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Synergetic Influences of Mixed-Host Emitting Layer Structures and Hole Injection Layers on Efficiency and Lifetime of Simplified Phosphorescent Organic Light-Emitting Diodes

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journal contribution
posted on 16.02.2016 by Tae-Hee Han, Young-Hoon Kim, Myung Hwan Kim, Wonjun Song, Tae-Woo Lee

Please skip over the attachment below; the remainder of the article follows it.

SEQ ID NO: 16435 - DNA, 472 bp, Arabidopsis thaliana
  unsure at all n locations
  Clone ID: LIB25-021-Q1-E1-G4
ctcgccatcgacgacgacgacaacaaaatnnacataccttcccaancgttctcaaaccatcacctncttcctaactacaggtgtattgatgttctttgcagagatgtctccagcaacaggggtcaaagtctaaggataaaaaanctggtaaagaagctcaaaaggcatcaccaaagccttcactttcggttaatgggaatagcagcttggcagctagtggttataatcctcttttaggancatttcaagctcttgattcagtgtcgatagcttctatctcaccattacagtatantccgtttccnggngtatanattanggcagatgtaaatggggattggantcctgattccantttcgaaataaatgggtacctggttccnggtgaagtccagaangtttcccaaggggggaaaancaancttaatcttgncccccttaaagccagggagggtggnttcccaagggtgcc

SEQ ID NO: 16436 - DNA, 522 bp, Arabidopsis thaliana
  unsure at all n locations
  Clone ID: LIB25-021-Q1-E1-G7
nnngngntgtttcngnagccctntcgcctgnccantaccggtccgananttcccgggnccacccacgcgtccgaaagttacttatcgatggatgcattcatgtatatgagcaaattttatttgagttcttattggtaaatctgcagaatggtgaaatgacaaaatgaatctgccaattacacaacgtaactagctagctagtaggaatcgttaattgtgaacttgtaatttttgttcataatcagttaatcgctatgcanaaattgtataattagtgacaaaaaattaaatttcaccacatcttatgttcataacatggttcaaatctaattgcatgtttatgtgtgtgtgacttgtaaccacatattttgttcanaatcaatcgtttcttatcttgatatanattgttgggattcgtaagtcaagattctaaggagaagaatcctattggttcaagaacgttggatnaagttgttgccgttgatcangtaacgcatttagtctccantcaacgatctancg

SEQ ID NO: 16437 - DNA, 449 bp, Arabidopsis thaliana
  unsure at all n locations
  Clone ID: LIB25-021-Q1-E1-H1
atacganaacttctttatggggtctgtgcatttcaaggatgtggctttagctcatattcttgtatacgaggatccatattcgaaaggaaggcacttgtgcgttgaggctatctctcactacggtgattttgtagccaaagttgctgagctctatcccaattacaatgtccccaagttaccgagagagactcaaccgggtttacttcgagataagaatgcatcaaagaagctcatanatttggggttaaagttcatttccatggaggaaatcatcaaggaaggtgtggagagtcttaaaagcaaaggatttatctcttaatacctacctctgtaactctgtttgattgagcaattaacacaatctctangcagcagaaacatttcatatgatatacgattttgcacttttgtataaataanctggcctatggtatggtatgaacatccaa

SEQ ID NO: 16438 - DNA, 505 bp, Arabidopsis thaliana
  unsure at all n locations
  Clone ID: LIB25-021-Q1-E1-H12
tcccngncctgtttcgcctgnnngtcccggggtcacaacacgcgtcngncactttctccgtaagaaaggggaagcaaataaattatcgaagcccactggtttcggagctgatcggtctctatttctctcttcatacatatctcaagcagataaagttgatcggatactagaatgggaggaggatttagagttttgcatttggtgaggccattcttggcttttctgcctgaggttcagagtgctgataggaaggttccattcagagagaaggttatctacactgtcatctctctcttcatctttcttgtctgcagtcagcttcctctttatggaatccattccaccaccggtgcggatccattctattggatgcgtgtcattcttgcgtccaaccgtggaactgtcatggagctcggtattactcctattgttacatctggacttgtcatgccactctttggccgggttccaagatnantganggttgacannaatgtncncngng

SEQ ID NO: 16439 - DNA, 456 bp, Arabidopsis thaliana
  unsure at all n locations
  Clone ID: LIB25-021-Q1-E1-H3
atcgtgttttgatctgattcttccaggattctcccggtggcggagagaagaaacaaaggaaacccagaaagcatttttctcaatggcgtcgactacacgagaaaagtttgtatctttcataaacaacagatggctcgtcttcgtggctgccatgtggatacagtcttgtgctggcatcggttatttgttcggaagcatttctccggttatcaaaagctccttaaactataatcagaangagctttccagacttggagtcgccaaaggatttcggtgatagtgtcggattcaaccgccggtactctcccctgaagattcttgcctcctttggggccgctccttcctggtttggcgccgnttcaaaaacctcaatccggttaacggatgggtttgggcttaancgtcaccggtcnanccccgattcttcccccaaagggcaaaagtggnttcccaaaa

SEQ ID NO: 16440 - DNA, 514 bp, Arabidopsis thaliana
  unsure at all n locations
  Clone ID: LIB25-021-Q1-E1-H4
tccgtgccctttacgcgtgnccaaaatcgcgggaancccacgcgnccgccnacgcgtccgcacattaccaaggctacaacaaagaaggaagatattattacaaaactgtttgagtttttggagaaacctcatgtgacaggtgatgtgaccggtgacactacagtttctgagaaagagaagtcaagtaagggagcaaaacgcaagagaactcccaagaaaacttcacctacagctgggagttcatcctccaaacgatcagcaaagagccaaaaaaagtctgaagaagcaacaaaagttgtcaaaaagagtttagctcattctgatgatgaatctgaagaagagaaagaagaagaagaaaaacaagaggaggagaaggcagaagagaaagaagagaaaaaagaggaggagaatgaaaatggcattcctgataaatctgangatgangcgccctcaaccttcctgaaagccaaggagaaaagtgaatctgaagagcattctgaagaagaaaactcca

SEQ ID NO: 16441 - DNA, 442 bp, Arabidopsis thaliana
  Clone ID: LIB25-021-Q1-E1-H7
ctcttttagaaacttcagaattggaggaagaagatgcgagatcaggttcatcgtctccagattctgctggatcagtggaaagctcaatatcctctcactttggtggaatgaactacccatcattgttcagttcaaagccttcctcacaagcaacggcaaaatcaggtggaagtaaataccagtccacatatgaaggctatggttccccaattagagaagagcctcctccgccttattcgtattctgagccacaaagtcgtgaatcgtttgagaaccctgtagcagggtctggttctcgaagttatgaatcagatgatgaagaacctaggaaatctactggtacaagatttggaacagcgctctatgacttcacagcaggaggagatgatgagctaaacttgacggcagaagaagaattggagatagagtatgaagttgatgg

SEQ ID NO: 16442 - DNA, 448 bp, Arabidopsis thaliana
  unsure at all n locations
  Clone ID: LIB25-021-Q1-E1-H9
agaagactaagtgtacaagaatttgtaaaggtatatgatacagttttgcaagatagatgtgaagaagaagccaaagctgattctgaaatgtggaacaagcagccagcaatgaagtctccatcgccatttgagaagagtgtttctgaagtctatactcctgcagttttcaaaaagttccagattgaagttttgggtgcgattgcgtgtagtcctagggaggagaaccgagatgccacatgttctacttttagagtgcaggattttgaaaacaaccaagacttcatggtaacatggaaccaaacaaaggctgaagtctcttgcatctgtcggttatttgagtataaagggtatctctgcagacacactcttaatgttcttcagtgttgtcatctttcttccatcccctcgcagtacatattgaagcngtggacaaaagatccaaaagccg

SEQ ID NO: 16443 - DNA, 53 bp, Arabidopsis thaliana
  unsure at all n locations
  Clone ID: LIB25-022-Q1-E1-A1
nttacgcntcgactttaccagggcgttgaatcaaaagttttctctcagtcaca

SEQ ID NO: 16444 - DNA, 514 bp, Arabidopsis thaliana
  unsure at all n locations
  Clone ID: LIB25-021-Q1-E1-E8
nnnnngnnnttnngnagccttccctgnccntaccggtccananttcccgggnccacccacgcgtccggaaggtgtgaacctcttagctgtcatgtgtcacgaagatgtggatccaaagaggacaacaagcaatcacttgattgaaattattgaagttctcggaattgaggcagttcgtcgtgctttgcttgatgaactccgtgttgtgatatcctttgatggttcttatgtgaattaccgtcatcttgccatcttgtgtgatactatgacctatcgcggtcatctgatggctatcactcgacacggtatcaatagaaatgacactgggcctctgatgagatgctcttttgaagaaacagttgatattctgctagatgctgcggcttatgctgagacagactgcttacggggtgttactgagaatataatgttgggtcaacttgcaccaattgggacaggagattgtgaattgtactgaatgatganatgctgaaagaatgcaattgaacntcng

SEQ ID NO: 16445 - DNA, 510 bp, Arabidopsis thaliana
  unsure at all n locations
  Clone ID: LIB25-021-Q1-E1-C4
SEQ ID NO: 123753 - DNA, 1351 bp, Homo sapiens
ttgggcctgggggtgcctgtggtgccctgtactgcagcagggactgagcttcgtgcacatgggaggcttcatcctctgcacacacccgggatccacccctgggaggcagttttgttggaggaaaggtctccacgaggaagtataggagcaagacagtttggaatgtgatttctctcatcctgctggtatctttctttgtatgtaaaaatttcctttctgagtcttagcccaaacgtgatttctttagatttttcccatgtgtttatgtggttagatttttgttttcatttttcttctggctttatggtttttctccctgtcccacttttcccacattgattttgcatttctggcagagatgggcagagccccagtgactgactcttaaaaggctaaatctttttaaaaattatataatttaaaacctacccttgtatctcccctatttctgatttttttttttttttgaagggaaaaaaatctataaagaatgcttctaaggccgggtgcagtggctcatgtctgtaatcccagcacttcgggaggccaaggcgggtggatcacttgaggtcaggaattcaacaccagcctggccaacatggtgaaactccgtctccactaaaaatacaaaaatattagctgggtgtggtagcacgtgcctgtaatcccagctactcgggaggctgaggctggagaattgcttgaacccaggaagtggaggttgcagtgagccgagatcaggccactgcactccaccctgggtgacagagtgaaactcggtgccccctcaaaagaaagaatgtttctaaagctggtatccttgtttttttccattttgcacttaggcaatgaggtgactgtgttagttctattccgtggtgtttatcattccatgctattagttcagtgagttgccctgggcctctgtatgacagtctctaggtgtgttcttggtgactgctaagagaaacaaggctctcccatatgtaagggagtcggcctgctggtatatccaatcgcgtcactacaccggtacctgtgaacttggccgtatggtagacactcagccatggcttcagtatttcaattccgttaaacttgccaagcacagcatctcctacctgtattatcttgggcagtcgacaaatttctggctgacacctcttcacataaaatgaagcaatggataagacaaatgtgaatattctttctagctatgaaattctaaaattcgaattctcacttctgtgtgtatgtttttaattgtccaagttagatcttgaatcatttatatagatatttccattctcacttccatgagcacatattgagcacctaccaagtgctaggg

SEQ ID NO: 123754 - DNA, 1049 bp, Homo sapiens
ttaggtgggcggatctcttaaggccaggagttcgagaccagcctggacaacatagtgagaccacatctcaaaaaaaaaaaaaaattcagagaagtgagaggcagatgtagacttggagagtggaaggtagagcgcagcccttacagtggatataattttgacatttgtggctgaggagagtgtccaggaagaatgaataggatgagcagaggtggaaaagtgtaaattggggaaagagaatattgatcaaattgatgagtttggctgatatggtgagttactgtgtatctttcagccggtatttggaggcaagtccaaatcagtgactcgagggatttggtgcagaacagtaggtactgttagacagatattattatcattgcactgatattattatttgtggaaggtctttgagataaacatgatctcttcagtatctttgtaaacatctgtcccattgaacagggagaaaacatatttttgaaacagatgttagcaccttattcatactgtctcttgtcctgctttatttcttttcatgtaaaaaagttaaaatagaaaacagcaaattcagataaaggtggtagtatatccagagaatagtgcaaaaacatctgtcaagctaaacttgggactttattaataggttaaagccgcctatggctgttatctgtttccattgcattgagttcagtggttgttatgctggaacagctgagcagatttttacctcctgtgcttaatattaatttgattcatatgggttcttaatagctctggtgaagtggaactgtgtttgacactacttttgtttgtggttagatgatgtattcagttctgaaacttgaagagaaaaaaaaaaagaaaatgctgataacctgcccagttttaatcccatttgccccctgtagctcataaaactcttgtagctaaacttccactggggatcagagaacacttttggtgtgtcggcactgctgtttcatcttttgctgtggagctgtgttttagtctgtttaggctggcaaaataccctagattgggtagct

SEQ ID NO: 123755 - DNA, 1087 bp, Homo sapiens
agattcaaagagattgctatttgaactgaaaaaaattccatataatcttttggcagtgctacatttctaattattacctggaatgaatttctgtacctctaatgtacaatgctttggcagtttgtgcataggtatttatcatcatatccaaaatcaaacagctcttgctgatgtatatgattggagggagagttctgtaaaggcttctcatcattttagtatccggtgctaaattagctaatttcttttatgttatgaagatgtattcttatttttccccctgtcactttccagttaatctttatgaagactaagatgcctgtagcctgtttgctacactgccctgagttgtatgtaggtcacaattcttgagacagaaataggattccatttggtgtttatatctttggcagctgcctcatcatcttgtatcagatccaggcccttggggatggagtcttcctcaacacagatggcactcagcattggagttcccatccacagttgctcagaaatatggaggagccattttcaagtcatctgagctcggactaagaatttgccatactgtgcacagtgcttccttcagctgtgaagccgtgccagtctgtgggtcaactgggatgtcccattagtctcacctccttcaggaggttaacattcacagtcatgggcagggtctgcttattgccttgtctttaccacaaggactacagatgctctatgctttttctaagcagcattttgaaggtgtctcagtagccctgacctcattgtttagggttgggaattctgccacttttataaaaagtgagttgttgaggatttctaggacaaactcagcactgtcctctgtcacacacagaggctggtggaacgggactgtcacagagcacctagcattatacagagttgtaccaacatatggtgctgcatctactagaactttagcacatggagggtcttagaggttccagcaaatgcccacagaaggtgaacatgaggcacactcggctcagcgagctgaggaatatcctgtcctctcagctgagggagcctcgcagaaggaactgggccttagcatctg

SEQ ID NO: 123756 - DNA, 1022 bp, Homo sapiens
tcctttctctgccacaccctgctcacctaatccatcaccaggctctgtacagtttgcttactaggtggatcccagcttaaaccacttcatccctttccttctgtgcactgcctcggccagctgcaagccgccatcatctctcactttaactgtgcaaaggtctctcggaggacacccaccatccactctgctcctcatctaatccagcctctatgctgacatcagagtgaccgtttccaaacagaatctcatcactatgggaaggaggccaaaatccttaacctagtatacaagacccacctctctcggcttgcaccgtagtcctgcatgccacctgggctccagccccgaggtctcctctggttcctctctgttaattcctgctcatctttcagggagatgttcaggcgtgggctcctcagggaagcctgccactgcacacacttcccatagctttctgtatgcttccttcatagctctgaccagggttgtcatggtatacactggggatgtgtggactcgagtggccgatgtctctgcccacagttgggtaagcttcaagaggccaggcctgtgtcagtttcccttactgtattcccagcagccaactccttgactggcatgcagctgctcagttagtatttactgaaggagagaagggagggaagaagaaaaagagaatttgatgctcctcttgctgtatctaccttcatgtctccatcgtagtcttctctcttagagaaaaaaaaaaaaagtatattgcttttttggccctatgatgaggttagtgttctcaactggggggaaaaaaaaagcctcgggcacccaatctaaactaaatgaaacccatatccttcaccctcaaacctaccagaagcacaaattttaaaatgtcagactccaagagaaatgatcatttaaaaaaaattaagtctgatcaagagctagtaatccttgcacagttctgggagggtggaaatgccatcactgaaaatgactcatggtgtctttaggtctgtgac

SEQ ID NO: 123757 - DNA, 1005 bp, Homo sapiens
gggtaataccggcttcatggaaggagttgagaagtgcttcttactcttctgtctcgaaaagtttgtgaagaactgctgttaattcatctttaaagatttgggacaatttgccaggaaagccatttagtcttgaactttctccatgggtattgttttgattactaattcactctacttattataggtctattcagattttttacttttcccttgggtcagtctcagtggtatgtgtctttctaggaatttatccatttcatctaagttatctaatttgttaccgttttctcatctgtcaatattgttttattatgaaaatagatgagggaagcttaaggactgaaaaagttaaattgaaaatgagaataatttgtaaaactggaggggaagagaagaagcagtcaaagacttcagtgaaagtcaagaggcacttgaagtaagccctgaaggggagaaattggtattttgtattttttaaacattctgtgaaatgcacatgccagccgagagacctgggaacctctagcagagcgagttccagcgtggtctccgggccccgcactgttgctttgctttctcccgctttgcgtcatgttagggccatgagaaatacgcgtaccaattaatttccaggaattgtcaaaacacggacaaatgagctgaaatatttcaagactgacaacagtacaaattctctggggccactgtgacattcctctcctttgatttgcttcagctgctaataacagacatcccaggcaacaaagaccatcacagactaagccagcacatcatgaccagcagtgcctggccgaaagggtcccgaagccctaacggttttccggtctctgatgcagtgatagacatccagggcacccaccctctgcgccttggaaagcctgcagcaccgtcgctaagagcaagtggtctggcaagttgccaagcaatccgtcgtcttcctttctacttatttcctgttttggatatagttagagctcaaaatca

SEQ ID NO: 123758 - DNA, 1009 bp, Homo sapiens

We used various nondestructive analyses to investigate various host material systems in the emitting layer (EML) of simple-structured, green phosphorescent organic light-emitting diodes (OLEDs) to clarify how the host systems affect its luminous efficiency (LE) and operational stability. An OLED that has a unipolar single-host EML with conventional poly­(3,4-ethylenedioxythiophene):poly­(styrenesulfonate) (PEDOT:PSS) showed high operating voltage, low LE (∼26.6 cd/A, 13.7 lm/W), and short lifetime (∼4.4 h @ 1000 cd/m2). However, the combined use of a gradient mixed-host EML and a molecularly controlled HIL that has increased surface work function (WF) remarkably decreased operating voltage and improved LE (∼68.7 cd/A, 77.0 lm/W) and lifetime (∼70.7 h @ 1000 cd/m2). Accumulated charges at the injecting interfaces and formation of a narrow recombination zone close to the interfaces are the major factors that accelerate degradation of charge injection/transport and electroluminescent properties of OLEDs, so achievement of simple-structured OLEDs with high efficiency and long lifetime requires facilitating charge injection and balanced transport into the EML and distributing charge carriers and excitons in EML.